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Script of Video:
Two ways to search a database. There are a lot of databases out there. There are basically two different ways to search them. The all-in-one approach and the search history combination
approach. Some databases will offer both options and some will not. The all-in-one approach is available in most databases. In the first row, you describe one aspect of your search topic using search terms, for example: cat OR kitten OR feline. In the second row, you describe another aspect of your search topic, for example: Siamese OR Bengalese OR spotted. The two rows, or aspects, are connected with the word AND. The advantage of this type of searching is that you can see your whole search on one screen, and you can take care of things all in one search. The disadvantage is that it's not obvious which terms are working well for your search, since they're all mixed together, like numerous variables in a single equation. The search history combination approach is available through many databases, often through the search history. Some databases, like CINAHL, will force you to use this approach. For search number one, you type cat OR kitten OR feline, and get your first big set of search results.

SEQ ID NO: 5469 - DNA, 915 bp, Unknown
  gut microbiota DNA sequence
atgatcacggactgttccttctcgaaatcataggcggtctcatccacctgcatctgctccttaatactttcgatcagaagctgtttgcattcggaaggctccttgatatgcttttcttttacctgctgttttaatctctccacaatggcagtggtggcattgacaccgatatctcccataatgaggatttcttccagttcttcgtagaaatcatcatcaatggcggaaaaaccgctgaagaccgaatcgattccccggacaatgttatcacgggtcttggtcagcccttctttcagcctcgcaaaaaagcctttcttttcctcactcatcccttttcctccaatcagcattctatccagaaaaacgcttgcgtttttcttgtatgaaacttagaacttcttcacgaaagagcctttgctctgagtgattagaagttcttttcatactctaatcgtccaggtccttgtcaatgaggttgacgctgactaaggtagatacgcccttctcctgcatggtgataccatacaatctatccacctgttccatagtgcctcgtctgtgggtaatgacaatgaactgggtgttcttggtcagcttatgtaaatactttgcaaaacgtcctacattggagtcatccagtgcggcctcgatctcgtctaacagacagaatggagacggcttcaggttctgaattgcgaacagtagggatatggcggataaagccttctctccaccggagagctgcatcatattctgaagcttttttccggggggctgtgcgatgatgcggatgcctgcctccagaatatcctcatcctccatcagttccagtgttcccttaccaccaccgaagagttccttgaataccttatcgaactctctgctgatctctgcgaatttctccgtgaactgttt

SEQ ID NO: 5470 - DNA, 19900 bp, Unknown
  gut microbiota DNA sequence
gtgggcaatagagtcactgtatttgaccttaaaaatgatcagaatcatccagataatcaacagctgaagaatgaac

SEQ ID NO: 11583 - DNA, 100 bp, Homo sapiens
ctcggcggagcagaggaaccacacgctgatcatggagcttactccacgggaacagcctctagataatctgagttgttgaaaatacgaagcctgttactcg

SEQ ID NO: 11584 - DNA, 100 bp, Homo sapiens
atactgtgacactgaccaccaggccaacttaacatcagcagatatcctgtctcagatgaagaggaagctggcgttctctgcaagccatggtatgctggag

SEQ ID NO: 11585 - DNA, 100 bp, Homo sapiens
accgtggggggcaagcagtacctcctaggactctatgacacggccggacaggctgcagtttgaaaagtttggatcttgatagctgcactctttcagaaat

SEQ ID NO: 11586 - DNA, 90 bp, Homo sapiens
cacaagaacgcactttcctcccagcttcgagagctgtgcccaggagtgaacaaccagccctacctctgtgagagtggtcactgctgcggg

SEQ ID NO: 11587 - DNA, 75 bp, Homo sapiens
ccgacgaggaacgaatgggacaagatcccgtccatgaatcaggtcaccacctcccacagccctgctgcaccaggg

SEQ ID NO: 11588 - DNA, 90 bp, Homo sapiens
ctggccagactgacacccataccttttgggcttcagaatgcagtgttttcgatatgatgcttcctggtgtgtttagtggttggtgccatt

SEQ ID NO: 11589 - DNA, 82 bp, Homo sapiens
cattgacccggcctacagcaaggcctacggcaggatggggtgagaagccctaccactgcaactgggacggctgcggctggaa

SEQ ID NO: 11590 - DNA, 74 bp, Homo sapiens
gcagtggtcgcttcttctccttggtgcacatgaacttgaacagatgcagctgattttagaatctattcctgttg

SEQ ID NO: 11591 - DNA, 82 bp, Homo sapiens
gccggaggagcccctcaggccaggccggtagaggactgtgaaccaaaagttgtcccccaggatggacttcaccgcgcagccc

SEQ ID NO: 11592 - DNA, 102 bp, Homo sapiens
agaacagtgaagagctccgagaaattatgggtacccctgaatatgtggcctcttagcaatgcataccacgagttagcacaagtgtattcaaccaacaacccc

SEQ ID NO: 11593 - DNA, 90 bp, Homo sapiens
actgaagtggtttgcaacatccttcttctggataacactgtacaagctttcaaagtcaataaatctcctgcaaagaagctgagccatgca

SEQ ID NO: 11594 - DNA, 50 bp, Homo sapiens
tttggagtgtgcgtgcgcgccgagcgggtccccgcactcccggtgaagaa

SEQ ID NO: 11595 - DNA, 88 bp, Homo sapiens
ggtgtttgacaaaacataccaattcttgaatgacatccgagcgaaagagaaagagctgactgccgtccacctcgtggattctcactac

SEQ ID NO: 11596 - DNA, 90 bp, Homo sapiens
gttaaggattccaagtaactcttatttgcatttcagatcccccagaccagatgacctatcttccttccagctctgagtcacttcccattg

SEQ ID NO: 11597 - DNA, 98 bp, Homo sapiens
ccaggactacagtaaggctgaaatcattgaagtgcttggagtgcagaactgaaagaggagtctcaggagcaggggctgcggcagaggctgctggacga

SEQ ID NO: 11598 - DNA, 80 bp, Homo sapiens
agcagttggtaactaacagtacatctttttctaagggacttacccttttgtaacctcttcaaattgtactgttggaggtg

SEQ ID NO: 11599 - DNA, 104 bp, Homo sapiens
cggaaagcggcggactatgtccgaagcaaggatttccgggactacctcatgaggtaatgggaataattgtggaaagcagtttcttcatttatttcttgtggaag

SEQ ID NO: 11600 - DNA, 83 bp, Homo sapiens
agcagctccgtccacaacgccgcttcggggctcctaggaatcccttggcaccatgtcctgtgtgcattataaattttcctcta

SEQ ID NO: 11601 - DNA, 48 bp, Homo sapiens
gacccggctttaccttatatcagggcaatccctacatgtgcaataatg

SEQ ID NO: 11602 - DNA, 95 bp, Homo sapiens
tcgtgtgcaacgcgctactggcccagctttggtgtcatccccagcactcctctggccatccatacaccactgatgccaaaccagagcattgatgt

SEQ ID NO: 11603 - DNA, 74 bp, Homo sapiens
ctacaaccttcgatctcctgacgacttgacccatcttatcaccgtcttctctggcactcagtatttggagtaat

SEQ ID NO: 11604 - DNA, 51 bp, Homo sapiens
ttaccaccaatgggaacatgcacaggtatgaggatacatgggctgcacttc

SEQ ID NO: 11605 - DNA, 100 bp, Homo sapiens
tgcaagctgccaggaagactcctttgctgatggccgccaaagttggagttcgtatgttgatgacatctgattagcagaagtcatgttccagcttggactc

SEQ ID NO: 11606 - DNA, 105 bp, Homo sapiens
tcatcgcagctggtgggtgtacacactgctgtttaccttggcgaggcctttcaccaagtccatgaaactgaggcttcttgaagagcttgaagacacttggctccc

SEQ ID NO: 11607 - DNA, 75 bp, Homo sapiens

For search number two, you type Siamese OR Bengalese OR spotted, and get your second big set of search results. For search number three, you combine searches number one and two. The disadvantage of this type of searching is that it does not allow you to see your whole search on one screen, and it requires a multi-step process. The advantage is that you have a lot more control over what you are doing. For example, you could try running search number four for Siamese OR Bengalese OR spotted OR striped OR black. If the search results are more encouraging than the results for search number two, you can then combine searches number one and four. You will know that the addition of "OR striped OR black" is having a positive effect on your search.
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